Some sporting thoughts before sunrise …
>> I spent a good chunk of my Monday with the Penguins, and I can tell you unequivocally that Sidney Crosby wasn’t just skating out there. He was skating.
I mean flying. I mean leaning forward after the drills and sucking wind. He first went really hard on Sunday, and he at least matched that yesterday. Stops, turns, all-out sprints, shooting and passing, you name it.
He didn’t speak with reporters afterward, but it was pretty clear he wasn’t exactly troubled by any of it. He hung around on the ice after practice, playfully tapping pucks in the air and trying length-of-the-rink shots.
Doesn’t mean he’s in the clear. But it can’t be bad, right?
>> Mike Tomlin will take to the podium for his weekly televised news conference, and you won’t be able to count to five before he starts glowing about the Colts. By the time he’s done, if you never looked at the standings, you’ll believe that the Steelers’ opponent this Sunday will face not only Peyton Manning but also Johnny Unitas as backup.
That’s the right thing for the coach to do.
But don’t believe it.
I could point out that they had to drag Kerry Collins out of retirement, or that they rank 27th in passing yards, 22nd in rushing yards, and a really grizzly 29th in opponents’ rushing yards. But I’ll just leave it at this: Two days ago, they lost at home to Cleveland.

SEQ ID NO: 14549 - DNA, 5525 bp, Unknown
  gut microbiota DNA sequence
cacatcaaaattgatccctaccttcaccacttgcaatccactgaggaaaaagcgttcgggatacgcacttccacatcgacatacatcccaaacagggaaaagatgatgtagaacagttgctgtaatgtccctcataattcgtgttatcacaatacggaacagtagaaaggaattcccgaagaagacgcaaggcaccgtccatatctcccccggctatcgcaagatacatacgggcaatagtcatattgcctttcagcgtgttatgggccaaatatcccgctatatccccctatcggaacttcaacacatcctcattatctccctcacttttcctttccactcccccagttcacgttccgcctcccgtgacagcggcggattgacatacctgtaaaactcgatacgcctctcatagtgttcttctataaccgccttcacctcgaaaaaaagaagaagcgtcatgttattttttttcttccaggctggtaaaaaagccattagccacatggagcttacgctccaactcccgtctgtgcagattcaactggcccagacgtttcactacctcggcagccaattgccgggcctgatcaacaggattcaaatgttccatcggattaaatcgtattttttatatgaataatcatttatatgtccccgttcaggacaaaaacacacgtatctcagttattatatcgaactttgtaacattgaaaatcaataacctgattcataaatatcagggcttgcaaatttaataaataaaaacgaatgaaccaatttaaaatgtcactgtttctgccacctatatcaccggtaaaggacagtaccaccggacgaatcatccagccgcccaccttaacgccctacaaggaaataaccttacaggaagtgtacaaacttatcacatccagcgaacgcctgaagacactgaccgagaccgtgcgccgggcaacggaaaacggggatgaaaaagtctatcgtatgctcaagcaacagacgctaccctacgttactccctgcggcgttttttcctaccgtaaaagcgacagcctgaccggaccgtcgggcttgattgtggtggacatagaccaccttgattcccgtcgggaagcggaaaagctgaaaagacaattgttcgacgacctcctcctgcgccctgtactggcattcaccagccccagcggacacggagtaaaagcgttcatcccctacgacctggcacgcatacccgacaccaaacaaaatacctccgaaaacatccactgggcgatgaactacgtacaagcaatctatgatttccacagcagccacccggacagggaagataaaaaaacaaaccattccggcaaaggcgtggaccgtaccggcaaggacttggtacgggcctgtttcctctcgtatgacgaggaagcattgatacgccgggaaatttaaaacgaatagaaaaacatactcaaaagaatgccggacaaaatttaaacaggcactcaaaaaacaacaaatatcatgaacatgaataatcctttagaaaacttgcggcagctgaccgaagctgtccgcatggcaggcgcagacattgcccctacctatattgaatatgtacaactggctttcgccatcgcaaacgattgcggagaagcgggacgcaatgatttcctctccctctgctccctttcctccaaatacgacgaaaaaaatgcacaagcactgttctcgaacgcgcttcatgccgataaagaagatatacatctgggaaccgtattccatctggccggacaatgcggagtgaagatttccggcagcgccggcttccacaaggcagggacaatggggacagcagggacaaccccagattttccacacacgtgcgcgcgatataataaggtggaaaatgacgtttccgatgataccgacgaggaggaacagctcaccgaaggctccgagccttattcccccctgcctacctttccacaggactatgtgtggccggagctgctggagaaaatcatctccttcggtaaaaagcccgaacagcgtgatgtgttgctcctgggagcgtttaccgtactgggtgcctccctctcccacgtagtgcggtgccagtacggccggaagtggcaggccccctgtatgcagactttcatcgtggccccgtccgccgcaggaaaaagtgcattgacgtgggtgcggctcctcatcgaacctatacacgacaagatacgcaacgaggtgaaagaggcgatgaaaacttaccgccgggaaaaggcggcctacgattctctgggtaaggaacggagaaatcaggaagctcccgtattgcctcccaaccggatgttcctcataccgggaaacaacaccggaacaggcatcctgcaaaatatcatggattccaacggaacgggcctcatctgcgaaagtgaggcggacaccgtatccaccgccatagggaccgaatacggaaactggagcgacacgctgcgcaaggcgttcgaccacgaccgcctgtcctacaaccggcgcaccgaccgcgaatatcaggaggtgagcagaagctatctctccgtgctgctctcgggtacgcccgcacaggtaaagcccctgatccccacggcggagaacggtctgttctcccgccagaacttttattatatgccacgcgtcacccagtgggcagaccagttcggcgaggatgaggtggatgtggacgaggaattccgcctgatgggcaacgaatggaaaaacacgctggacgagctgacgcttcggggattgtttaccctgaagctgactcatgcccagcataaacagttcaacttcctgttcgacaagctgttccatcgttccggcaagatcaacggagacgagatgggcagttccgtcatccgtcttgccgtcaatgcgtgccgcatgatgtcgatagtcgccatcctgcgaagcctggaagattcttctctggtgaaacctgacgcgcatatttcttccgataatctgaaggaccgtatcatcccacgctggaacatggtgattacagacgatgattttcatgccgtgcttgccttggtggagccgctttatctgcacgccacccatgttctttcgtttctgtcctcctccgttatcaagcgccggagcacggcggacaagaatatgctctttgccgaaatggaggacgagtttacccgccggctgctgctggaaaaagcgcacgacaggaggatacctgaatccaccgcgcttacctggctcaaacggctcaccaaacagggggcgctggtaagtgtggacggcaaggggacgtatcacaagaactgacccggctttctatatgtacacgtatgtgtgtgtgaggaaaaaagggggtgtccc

>> Tomlin actually has several meetings with the media during the course of the week, and they’re not really all that different in questioning or content than the one that gets televised. It’s a little odd that the Tuesday one has become this big production.
>> Good for Jeff Karstens for finishing his season as he did late last night.
This guy told the Pirates’ management in spring training that he deserved to be a starter, and he asked to be given a chance at some point. He got one in April when his friend Ross Ohlendorf went down, and he grabbed it and never looked back.
It’s not always about the stuff.
>> If you’re one of those people pulling for the Rays to pass the Red Sox for a playoff spot, just remember: This is a labor agreement year. Teams like Tampa Bay routinely get cited as an example that Major League Baseball’s absurdly imbalanced economic system somehow is irrelevant.